Teenager found dead in Sussex churchyard
THE body of a 15-year-old boy, Elido Vargas, was discovered in the churchyard of St John the Evangelist, Burgess Hill, in the diocese of Chichester, on Thursday afternoon of last week. A spokesman for Sussex Police said that the death was not being treated as suspicious and that a post-mortem was due to be carried out this week. Services of prayer were held at St John’s last Friday and on Saturday, each attended by about 250 people. About 1000 people have visited the church, including pupils from Burgess Hill Academy, the school that Elido attended. The Vicar of St John’s, the Revd Kevin O’Brien, said: “We stand ready to help Elido’s family in any way we can, and to offer support to the close-knit community of Burgess Hill.”
Sheffield gets new dean of women’s ministry
A NEW dean of women’s ministry has been appointed in the diocese of Sheffield. The Revd Amanda Barraclough, the Rector of St Mary’s, Sprotbrough, and the Area Dean of Adwick-le-Street, was appointed by the Bishop of Sheffield, Dr Pete Wilcox, on Thursday of last week. It comes more than a year after the current Bishop of Burnley, the Rt Revd Philip North, withdrew his acceptance of his nomination to the see of Sheffield in response to criticism of his nomination (News, 17 March 2017). Ms Barraclough was ordained a Priest in 2001. She served trained Curacy at St George Lupset in the diocese of Wakefield from 2000 to 2004 before becoming the Vicar of St Mary’s Woodkirk.
Bible Society fined £100,000 for data breach
THE Bible Society has been fined £100,000 after hackers stole the personal data of more than 400,000 of its supporters, including home addresses, phone numbers, and bank-account details, a report from the Information Commissioner’s Office (ICO), which issued the fine, states. The head of enforcement at ICO, Steve Eckersley, said: “The Bible Society failed to protect a significant amount of personal data, and exposed its supporters to possible financial or identity fraud. Our investigation determined that it is likely that the religious belief of the 417,000 supporters could be inferred, and the distress this kind of breach can cause cannot be underestimated.” The Society said in a statement: “Following the hack, we immediately contacted any supporters whose data might have been at risk, giving support and advice on what to do next. We have also worked closely with the Information Commissioner’s Office over the last 16 months and cooperated fully with them in their enquiry. No supporters reported that their accounts had been breached and there is no evidence of any material effect on supporters. We remain vigilant regarding cyber security threats.”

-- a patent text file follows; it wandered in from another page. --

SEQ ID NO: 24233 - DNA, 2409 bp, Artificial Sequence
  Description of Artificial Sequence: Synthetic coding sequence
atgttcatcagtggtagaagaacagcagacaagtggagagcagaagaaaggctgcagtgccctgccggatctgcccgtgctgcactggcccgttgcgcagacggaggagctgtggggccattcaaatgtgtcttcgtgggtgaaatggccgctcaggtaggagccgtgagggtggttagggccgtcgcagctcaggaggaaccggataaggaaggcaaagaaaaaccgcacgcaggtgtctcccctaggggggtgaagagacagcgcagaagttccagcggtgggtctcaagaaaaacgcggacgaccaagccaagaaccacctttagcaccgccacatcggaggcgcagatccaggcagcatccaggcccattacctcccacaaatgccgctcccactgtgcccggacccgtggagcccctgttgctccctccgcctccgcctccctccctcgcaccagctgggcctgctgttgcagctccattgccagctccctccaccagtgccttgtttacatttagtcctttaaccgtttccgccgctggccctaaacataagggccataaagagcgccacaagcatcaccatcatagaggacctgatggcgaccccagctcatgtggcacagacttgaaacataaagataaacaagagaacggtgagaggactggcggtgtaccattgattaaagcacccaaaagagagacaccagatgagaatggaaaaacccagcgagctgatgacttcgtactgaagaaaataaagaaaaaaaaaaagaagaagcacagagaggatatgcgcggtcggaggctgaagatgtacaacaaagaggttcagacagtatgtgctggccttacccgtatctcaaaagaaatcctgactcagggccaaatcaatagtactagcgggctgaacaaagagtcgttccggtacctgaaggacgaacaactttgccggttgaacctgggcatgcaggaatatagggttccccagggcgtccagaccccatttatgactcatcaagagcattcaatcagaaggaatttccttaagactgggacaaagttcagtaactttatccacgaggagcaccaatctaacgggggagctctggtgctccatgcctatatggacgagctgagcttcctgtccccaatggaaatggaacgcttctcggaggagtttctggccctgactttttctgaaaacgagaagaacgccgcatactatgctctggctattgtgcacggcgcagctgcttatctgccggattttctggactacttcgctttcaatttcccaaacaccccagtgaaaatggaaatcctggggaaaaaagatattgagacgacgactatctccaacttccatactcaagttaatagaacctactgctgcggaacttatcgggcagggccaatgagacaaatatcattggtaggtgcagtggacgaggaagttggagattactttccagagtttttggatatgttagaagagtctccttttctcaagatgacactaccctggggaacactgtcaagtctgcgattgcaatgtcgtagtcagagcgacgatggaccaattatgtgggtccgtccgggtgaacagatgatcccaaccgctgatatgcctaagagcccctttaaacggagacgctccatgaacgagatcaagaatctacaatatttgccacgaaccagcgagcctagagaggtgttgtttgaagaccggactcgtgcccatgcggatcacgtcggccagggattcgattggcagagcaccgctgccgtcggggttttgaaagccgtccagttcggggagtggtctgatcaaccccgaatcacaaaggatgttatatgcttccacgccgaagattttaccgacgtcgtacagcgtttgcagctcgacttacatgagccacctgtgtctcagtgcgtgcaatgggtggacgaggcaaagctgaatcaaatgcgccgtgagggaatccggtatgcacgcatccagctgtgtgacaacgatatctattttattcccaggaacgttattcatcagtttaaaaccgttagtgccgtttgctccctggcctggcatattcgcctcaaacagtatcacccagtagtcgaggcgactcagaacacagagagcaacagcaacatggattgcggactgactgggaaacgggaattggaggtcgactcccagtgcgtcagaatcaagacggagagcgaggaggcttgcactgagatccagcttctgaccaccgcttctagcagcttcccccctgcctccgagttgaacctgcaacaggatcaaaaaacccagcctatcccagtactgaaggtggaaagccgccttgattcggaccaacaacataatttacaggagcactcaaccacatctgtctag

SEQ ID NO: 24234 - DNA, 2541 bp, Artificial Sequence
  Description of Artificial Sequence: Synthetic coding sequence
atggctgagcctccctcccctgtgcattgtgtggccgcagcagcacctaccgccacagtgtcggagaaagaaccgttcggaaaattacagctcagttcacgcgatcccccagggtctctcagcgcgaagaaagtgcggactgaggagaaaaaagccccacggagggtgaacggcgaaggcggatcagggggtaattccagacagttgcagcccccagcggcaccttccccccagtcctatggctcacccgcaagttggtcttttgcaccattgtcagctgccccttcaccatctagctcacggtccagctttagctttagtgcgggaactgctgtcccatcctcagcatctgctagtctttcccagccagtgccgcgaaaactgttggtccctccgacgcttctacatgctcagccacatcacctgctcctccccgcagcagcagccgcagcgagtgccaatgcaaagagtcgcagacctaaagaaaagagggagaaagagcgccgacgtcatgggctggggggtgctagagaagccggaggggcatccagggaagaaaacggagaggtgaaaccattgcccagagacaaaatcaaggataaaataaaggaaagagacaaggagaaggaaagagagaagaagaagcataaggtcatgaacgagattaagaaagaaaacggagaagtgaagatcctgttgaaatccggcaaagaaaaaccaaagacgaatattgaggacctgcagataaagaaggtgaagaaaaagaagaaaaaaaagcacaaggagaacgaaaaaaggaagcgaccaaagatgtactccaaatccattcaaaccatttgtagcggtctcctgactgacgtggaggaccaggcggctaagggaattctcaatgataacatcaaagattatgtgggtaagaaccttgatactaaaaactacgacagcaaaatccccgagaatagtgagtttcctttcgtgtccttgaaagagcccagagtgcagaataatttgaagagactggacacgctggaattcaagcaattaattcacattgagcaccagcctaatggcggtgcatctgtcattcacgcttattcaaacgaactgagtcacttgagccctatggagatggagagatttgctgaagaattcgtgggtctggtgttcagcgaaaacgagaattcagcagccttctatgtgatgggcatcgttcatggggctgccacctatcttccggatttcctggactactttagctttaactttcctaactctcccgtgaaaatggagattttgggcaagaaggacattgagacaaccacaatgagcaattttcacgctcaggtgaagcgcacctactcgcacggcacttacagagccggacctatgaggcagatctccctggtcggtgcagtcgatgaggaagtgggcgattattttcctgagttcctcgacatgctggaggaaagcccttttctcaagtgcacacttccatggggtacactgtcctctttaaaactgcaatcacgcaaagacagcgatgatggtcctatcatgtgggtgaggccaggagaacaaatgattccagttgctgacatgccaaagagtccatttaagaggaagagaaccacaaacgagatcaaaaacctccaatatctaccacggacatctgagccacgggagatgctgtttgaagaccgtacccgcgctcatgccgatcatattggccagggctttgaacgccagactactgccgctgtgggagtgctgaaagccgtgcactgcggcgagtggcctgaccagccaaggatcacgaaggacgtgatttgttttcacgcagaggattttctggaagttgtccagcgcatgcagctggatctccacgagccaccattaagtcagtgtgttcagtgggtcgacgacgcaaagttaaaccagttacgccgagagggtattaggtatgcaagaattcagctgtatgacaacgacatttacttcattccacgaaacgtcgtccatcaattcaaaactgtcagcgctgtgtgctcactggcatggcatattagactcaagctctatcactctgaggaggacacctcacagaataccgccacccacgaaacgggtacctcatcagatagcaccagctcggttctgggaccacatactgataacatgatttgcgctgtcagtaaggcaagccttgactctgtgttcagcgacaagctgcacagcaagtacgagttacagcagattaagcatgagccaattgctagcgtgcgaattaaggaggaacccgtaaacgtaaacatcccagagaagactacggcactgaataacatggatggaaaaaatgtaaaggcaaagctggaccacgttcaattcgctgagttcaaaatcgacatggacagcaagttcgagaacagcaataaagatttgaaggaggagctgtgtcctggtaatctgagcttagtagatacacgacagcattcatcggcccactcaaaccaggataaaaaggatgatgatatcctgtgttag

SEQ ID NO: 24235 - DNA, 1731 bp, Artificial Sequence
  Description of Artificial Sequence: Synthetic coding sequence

PETER SUMMERFIELDArtistic vehicle: a sculpture by the disabled artist Tony Heaton, Gold Lamé, displayed on a vacant plinth at Liverpool Parish Church. It was the winning entry in the Liverpool Plinth competition, announced on Tuesday, and will remain in place for 12 months. The sculpture “challenges the perceptions of disability in society”, a press release says. It is “based on the famous Invacar — a small, blue, one-seater vehicle given to disabled people during the 1960s and 1970s. Sprayed gold and suspended vertically above the plinth, the sculpture reclaims the word lamé and confronts negative stereotyping of disabled people the vehicle represented”